By Lauren Poteat, Special to the AFRO
The District of Columbia Council proposed legislation to fight for the rights of LGBT seniors.
Initiated by D.C. Council members Mary Cheh (D-Ward 3) and Anita Bonds (D-At-Large) last week, the legislation called for protection of LGBT seniors and elderly living with HIV in long-term care facilities from discrimination.
“The legislation I’m introducing today would establish a ‘Bill of Rights’ for seniors living in these facilities, ensuring that they are treated respectfully and appropriately,” Cheh said.
The symbol used for the National Resource on LGBT Aging. The District of Columbia Council passed legislation offering protections and assistance to seniors living with HIV and LGBT seniors.
“Importantly, the legislation also mandates cultural competency training for caregivers in long-term care facilities and helping to ensure that caregivers have the know-how to provide appropriate care to these seniors.”
LGBT older adults are disproportionately affected by poverty and physical and mental health conditions, due to a lifetime of unique stressors associated with being a minority and, thus, may be more vulnerable to neglect and mistreatment in aging care facilities.
In addition, the association also goes on to state that out of the over 39 million people living in the U.S., who are age 65 or older, 2.4 million of these citizens, identify themselves as lesbian, gay, bisexual or transgender.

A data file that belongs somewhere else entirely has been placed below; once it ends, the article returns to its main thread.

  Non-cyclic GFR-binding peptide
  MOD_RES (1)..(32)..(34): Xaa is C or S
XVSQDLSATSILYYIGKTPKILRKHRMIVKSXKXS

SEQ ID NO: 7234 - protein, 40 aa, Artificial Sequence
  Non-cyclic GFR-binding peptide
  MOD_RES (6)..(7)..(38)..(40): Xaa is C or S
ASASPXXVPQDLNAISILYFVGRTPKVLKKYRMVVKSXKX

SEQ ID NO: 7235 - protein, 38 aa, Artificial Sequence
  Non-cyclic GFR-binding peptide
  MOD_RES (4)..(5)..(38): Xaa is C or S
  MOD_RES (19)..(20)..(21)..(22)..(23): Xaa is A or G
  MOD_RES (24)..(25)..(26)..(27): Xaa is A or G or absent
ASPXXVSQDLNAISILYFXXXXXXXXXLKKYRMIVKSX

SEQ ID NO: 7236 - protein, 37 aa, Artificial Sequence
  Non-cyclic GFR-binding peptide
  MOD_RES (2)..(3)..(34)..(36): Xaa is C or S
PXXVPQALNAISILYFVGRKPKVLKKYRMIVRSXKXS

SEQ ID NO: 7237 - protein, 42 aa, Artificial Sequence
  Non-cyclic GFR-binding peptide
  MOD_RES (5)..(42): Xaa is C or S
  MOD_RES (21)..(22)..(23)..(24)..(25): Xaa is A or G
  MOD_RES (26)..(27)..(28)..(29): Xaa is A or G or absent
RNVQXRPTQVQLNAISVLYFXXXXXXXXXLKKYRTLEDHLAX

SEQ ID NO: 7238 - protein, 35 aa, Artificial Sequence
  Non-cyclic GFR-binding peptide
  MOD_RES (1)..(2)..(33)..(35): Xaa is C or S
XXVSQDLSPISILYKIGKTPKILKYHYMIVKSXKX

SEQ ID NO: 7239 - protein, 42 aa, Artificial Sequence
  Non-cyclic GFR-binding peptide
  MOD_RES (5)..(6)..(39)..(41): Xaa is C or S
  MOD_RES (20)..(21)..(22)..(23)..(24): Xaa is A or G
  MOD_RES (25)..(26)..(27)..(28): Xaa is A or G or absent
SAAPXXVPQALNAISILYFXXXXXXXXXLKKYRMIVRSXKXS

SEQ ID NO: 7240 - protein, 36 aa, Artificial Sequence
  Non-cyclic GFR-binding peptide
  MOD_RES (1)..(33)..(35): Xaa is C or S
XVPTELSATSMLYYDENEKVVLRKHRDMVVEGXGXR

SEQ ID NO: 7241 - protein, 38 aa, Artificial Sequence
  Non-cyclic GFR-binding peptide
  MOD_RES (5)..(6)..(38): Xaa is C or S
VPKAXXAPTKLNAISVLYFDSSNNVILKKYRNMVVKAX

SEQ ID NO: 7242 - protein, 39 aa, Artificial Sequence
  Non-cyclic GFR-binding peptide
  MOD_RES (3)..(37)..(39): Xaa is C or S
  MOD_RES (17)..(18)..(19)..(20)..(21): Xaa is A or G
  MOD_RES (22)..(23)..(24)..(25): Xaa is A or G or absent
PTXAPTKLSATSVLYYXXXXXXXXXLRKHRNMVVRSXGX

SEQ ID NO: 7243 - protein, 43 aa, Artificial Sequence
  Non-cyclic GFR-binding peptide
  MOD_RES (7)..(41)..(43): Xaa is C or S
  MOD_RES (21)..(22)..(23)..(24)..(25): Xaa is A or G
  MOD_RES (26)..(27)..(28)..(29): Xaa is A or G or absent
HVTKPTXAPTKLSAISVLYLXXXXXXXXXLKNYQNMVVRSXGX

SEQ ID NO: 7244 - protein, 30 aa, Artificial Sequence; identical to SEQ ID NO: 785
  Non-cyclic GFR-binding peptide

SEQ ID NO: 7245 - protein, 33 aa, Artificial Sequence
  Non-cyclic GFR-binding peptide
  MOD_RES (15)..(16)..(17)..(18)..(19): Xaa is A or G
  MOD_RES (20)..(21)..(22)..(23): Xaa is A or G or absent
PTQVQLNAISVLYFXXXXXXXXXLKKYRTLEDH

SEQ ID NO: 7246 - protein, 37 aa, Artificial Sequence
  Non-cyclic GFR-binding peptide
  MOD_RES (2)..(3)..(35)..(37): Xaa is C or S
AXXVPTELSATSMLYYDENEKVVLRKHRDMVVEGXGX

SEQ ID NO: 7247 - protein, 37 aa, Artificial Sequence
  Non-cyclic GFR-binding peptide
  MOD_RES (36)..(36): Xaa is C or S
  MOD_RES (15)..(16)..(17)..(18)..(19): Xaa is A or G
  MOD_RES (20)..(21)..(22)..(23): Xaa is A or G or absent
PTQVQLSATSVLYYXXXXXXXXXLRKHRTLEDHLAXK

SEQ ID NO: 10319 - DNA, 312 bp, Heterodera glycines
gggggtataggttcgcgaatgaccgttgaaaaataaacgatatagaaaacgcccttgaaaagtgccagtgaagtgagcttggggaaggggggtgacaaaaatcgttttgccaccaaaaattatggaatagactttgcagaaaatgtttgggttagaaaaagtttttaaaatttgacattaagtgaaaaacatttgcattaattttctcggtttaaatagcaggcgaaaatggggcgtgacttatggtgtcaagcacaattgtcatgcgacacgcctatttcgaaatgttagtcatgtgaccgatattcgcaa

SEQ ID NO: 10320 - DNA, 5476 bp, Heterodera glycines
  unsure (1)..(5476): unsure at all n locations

“They may face dual discrimination due to their age and their sexual orientation or gender identity,” the association wrote.
The council’s “Care for LGBTQ Seniors and Seniors with HIV Amendment Act of 2018,” would also help to ensure that the District is capable of accessing federal funding under the Older Americans Act, in order to provide services to those Cheh deemed an “underserved community.”
“Many LGBTQ seniors and seniors with HIV report having experienced discrimination and social stigmatization throughout their lives,” Cheh said. “What’s more, these seniors are also more likely to have been subjected to institutionalized discrimination when accessing health care and social services, making them statistically less likely to seek out medical or palliative care.”
Remaining Council members, all signed the proposal as co-sponsors.